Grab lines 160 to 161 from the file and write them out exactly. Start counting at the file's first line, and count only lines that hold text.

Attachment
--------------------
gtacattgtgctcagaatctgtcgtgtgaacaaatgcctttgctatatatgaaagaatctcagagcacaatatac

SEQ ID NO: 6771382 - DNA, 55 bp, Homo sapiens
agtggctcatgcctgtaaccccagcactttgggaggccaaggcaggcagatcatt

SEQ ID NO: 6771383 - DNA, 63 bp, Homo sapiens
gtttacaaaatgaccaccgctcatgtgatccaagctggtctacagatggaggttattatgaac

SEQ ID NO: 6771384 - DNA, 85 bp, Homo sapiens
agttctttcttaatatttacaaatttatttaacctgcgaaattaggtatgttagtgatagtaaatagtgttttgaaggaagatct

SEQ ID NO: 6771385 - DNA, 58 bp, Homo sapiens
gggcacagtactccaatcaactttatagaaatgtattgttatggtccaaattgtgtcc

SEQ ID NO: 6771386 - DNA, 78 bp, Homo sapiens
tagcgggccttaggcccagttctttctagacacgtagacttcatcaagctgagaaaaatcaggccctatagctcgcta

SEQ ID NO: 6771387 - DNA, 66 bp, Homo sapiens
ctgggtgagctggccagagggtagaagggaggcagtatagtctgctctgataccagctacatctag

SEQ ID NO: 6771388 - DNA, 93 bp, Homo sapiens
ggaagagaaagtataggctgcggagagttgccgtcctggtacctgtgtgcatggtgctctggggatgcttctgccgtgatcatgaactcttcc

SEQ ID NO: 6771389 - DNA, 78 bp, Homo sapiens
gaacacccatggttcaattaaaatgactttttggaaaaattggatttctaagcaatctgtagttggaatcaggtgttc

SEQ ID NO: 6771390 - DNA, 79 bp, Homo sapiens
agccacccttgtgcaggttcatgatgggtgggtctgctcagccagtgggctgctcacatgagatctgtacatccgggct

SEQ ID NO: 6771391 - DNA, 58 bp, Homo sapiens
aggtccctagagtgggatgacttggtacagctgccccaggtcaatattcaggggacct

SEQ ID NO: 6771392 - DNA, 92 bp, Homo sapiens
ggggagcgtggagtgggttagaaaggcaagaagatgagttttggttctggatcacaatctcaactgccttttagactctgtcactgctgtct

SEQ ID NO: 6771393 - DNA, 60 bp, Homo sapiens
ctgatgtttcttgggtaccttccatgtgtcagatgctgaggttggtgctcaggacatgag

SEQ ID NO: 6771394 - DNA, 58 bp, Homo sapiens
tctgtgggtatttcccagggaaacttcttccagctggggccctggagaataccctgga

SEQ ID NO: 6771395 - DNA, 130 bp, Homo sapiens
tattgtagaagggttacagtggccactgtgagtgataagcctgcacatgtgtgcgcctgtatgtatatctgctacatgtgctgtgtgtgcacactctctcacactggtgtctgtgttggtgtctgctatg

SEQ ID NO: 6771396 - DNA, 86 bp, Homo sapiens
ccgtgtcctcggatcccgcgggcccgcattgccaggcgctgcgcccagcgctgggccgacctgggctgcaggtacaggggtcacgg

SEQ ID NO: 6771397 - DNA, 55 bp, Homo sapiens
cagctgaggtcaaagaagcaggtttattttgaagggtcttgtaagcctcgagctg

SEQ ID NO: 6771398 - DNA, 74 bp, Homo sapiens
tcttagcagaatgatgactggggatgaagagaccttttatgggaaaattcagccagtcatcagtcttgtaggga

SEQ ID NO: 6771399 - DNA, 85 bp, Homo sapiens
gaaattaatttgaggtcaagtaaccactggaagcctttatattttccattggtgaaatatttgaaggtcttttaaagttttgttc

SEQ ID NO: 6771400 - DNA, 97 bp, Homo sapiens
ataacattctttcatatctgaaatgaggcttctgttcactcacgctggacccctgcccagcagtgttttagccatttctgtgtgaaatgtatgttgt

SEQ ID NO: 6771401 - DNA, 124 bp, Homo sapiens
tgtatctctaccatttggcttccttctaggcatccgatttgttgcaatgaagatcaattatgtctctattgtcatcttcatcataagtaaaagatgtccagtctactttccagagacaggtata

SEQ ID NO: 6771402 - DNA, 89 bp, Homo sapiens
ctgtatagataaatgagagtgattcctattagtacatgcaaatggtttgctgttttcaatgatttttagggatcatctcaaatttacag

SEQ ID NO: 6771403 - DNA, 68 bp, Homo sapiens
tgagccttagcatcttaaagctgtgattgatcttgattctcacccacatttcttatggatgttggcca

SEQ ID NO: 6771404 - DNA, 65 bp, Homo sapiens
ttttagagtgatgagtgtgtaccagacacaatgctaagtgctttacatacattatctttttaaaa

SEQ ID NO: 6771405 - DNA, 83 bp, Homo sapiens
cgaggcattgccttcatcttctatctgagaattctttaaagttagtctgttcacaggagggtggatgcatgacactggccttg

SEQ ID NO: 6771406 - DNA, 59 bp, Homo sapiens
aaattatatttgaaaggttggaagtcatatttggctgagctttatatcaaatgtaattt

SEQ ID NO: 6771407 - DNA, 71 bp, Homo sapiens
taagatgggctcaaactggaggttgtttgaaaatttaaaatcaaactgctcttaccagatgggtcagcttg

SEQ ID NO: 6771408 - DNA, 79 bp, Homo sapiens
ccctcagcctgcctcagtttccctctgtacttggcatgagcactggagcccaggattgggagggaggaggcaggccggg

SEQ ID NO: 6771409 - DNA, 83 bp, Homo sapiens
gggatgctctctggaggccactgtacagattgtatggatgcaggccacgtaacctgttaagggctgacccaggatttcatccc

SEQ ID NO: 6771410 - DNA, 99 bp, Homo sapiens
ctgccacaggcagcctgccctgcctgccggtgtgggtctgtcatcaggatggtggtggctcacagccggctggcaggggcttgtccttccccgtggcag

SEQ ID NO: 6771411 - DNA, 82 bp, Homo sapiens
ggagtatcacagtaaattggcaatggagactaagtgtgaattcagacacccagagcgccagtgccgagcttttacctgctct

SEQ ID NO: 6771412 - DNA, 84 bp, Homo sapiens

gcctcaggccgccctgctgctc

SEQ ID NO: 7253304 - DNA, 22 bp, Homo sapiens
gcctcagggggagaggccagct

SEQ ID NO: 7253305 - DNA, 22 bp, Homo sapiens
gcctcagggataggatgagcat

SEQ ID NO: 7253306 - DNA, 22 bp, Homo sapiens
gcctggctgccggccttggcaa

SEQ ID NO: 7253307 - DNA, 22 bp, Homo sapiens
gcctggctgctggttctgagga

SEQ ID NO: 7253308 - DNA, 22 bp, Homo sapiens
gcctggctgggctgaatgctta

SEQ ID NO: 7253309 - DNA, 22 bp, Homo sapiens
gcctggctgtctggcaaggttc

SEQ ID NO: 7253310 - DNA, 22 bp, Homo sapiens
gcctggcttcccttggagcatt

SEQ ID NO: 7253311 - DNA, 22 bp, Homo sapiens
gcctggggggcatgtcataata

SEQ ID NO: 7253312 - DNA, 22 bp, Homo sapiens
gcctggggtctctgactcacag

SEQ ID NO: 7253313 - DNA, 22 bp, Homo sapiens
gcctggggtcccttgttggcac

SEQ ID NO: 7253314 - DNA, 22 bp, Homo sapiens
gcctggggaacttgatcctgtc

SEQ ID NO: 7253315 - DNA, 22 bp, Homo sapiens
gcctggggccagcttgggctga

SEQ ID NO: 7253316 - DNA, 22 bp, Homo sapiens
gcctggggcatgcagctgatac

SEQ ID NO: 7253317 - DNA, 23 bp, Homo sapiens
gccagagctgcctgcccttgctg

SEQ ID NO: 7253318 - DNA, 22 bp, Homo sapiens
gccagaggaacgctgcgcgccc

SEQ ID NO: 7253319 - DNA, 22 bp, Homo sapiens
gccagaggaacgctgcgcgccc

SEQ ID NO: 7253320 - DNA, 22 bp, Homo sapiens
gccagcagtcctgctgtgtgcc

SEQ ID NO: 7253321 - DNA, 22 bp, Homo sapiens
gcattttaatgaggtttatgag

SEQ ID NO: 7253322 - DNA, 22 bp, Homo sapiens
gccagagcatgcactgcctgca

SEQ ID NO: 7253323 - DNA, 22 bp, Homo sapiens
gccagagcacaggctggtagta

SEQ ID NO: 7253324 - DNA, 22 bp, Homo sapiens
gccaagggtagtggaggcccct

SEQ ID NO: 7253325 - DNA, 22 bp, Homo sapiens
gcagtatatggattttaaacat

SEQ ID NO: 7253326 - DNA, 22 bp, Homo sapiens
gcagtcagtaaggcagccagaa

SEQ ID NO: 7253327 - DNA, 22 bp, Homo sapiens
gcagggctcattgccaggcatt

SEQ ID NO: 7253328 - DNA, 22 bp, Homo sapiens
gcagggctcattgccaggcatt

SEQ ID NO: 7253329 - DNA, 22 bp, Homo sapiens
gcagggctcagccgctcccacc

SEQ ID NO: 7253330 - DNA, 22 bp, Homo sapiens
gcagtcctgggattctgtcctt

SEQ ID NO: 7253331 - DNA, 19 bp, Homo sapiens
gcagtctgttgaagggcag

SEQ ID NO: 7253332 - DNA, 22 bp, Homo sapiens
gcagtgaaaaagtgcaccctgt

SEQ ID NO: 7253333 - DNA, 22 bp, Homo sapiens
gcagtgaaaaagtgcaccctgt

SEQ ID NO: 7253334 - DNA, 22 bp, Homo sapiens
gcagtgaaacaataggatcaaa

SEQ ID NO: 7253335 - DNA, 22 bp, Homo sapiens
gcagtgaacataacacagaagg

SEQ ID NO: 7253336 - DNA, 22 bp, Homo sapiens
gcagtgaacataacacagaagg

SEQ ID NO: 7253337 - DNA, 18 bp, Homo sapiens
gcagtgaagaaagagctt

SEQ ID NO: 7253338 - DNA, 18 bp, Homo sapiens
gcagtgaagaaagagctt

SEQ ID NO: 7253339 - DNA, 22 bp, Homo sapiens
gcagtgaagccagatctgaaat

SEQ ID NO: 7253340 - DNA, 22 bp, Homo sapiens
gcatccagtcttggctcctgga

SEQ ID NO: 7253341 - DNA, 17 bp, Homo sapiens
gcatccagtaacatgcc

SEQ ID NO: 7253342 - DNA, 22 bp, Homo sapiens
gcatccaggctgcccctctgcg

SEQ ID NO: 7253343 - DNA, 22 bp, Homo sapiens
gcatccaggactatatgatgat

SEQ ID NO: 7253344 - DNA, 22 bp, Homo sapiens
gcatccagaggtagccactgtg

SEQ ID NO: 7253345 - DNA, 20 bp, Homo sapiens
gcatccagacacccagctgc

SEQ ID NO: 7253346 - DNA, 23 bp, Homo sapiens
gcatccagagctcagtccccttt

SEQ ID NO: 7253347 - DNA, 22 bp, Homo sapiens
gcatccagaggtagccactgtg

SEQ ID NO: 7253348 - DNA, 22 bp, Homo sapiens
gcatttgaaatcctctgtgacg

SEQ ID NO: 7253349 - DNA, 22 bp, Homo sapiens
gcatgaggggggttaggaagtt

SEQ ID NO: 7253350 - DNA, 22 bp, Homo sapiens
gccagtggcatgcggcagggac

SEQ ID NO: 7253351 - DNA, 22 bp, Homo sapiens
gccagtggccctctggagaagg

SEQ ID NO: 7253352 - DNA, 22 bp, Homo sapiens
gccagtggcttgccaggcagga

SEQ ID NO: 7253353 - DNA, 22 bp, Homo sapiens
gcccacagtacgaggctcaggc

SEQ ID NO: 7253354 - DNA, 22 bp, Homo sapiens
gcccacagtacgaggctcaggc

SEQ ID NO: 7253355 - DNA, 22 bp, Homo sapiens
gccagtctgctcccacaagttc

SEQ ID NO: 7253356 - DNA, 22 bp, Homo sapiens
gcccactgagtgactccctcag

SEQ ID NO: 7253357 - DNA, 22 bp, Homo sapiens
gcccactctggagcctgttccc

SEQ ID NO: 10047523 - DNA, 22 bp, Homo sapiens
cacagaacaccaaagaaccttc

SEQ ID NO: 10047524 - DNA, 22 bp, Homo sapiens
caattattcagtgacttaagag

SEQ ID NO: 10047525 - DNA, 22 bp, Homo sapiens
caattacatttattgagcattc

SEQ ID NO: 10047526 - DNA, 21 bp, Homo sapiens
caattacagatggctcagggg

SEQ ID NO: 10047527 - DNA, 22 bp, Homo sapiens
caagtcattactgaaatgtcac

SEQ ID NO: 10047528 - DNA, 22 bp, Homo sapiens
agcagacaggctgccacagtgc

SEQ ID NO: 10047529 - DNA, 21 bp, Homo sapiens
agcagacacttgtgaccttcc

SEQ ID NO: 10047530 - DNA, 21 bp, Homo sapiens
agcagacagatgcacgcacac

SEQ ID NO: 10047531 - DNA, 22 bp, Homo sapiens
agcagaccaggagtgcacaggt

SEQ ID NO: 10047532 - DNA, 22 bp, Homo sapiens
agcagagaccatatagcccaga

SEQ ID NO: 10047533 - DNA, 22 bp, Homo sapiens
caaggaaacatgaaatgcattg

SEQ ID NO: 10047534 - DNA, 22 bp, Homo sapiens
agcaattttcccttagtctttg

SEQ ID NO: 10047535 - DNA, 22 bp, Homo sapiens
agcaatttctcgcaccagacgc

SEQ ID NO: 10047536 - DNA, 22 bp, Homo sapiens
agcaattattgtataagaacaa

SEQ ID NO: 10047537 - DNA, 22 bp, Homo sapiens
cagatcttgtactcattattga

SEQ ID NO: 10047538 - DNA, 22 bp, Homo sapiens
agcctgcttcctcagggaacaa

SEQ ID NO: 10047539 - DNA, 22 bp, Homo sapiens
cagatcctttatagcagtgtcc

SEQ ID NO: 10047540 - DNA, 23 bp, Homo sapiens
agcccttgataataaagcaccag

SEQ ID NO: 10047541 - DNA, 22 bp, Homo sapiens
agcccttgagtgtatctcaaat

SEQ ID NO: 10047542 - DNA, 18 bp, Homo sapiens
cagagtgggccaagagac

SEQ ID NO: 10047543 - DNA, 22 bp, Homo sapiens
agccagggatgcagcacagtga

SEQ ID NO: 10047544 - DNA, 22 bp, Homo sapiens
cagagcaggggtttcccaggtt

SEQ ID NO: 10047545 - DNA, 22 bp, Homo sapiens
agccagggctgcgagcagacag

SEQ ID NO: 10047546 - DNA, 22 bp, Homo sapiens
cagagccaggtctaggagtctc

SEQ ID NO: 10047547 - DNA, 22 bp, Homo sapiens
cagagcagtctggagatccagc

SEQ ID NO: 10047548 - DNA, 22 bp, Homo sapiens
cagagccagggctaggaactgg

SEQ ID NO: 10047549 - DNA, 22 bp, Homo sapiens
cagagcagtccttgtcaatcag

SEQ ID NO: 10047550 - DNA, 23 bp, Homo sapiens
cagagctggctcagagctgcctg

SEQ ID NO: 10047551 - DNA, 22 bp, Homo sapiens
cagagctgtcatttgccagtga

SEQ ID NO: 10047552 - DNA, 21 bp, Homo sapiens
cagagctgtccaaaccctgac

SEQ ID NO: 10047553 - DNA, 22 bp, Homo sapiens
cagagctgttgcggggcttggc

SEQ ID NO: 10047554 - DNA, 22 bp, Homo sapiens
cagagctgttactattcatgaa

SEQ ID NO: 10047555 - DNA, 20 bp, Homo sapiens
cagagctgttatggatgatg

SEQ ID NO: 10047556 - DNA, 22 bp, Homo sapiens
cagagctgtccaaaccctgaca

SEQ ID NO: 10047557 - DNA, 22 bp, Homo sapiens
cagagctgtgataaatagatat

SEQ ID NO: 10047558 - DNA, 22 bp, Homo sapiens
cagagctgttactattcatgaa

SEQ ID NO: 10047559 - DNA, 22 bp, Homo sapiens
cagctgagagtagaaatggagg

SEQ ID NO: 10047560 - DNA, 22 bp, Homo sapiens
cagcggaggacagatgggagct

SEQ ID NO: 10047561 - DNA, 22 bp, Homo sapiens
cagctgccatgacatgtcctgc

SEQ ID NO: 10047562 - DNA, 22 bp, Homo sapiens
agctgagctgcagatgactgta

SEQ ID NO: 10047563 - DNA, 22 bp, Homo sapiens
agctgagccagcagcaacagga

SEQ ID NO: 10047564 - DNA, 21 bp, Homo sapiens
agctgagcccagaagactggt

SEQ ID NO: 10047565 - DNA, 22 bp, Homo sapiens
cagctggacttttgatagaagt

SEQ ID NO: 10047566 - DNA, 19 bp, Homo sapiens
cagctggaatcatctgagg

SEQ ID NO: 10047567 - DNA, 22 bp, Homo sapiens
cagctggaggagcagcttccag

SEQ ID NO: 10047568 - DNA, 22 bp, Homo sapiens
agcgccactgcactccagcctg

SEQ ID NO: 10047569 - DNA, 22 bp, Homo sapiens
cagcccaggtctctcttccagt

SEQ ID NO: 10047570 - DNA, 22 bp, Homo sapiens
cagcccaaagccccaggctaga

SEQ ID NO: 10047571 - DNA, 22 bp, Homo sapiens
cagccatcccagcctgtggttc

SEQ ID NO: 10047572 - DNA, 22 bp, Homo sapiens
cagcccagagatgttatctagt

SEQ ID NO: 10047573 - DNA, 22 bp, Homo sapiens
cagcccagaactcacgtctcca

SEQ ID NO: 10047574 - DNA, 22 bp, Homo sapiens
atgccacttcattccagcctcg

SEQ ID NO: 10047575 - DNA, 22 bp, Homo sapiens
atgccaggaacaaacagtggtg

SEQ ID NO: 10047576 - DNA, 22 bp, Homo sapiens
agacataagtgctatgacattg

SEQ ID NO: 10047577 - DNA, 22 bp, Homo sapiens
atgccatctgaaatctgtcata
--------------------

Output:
SEQ ID NO: 7253352 - DNA, 22 bp, Homo sapiens
gccagtggcttgccaggcagga